There are only a few computer systems I remember well from my youth – the Apple II line, the Commodore Vic-20/C64, the IBM PC (which at the time was far too specialized for home users) and the Atari 400/800. In the very early days of home computing, the Atari 400 and 800 were actually more “gamers'” computers than any of the others (though that would change later).
In any case, all of these computers were too expensive for my family initially, and when we did finally buy one, it was an Apple IIc. But my mom’s office actually had an Atari computer set up (for what purpose I don’t know) and whenever I’d visit her there I remember playing Dr. J and Larry Bird Go One on One and M.U.L.E. I’d wanted an Atari computer ever since then.
I finally bought one a few years ago for around 10 bucks… I actually somehow ended up with two initially, along with a floppy disk drive. During a move one of the systems and the disk drive got tossed to the curb (literally – I hope someone picked them up and are enjoying them now), as I didn’t need them. Most of the good games are cartridge-based anyway, and the disk drive is almost as big as the system itself. Unlike the Apple II’s disk drives, both Commodore’s and Atari’s drives were really computers unto themselves, with their own CPU’s, power supplies and control circuitry. So they were very large.
The 800XL is probably the ultimate Atari 8-bit computer – it was not the last in the line, but it’ll play pretty much everything and it still looks like a classic (unlike the later XE series, which are in a more “modern” beige/grey casing). It’s also superior to both the 600XL and the 1200XL, which despite its higher model number was actually replaced by the 800XL. The 1200XL had some compatibility issues with older software and was also larger than the 800XL with the same specifications. So I’m happy to have this model.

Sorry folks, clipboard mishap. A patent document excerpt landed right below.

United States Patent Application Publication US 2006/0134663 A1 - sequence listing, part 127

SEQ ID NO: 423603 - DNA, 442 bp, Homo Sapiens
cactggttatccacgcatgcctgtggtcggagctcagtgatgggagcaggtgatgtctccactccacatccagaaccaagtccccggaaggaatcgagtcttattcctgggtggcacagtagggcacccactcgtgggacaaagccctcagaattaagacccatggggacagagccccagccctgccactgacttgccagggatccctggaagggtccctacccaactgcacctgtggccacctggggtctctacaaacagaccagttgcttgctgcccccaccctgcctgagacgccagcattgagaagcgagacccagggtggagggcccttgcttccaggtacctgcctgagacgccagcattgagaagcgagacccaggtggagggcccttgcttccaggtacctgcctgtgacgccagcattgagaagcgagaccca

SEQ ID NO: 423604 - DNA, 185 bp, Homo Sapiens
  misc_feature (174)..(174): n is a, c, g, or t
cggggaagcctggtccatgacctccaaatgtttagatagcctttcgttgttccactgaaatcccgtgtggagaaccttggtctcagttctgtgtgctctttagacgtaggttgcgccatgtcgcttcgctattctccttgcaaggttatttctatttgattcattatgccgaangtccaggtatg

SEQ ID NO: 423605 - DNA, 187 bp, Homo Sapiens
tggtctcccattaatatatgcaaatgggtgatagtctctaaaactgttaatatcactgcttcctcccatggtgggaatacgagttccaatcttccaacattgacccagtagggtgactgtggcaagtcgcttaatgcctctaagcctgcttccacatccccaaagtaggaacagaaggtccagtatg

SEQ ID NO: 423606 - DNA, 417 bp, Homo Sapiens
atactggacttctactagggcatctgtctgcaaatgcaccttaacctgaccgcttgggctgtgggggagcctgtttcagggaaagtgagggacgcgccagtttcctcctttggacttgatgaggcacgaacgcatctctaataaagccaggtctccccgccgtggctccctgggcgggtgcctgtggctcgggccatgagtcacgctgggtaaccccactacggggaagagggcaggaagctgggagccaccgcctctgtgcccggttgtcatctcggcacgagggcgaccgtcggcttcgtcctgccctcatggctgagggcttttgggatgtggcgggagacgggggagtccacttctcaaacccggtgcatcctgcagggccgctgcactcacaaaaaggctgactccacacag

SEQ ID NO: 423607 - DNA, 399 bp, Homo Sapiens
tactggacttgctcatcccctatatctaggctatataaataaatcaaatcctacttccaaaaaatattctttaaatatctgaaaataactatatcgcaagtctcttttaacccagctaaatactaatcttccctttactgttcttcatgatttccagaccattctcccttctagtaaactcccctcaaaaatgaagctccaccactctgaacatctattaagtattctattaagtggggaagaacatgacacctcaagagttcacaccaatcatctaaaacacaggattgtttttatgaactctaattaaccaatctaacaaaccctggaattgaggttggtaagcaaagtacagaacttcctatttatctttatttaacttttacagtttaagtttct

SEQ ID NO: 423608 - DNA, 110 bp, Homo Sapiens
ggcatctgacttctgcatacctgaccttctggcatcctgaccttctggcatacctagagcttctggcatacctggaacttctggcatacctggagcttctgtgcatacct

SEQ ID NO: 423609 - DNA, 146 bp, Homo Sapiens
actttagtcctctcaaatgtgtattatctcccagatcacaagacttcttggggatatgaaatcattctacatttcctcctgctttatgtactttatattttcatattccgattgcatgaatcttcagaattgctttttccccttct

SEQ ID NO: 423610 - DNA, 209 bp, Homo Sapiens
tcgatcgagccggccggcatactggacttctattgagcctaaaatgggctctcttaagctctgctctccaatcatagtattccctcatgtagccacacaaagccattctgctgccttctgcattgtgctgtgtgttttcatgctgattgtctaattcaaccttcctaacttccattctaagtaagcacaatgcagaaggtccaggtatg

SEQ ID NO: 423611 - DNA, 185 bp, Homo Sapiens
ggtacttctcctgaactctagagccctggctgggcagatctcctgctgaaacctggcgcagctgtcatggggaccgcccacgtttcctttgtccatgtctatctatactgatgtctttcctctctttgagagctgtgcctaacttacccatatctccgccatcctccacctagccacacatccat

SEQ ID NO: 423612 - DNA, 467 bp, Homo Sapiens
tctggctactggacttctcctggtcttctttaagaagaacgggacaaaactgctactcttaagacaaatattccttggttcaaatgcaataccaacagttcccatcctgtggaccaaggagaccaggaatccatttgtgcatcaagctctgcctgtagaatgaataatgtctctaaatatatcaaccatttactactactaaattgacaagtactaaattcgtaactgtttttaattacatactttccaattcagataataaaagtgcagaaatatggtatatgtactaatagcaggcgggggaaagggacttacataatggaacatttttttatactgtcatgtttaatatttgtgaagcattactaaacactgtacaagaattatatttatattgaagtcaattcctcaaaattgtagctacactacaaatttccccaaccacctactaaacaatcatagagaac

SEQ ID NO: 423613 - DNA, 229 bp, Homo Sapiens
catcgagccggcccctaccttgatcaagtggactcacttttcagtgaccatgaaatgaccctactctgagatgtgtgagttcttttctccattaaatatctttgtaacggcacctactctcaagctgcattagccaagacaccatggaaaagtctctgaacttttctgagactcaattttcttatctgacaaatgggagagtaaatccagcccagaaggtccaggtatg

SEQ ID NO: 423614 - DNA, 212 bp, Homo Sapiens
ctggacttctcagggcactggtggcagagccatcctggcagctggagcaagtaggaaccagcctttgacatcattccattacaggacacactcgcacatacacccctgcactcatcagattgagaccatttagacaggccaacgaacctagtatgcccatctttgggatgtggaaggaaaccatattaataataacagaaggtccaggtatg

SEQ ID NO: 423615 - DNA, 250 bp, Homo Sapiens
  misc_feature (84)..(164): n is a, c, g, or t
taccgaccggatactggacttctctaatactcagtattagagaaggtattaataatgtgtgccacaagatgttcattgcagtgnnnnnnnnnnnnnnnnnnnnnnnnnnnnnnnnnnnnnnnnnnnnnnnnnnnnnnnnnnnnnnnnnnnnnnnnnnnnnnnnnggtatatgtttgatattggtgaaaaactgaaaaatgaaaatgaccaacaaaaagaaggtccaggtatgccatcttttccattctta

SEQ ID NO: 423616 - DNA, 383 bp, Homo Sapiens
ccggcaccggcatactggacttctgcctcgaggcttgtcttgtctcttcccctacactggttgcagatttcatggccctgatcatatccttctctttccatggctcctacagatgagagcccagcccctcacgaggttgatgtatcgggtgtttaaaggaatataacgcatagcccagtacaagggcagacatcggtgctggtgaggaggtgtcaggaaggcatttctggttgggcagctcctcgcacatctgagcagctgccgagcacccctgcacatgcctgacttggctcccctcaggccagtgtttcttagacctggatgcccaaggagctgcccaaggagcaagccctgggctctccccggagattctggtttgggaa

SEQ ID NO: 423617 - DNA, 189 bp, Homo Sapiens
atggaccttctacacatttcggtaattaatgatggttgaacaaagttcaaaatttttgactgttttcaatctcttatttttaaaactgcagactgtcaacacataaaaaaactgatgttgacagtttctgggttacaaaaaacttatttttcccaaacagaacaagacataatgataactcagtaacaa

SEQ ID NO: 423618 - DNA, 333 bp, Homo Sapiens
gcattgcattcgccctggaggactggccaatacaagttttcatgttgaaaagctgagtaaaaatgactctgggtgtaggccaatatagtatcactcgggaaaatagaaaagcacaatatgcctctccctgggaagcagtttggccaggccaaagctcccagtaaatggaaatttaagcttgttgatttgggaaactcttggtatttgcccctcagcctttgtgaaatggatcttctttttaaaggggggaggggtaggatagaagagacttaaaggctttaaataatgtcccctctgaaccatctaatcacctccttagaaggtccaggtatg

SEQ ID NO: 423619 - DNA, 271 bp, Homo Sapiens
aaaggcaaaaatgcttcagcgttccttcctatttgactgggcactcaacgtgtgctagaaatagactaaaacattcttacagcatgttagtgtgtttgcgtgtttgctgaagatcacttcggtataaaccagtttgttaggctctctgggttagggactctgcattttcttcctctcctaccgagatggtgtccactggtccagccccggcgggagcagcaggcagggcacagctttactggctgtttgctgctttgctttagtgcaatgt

I actually bought it thinking I’d get M.U.L.E. to go along with it – I know M.U.L.E. is often thought of as a C64 game but it actually came out on both systems more or less simultaneously and it looks significantly better on the Atari system. But I still haven’t picked it up – apparently it’s not really that common of a game, and it goes for an incredible amount of money on Ebay. Oh well. I still have a few other carts and I enjoy the system.
Another view of my unit:
Check out the M.U.L.E. intro and see if you’ll ever be able to get that theme song out of your head: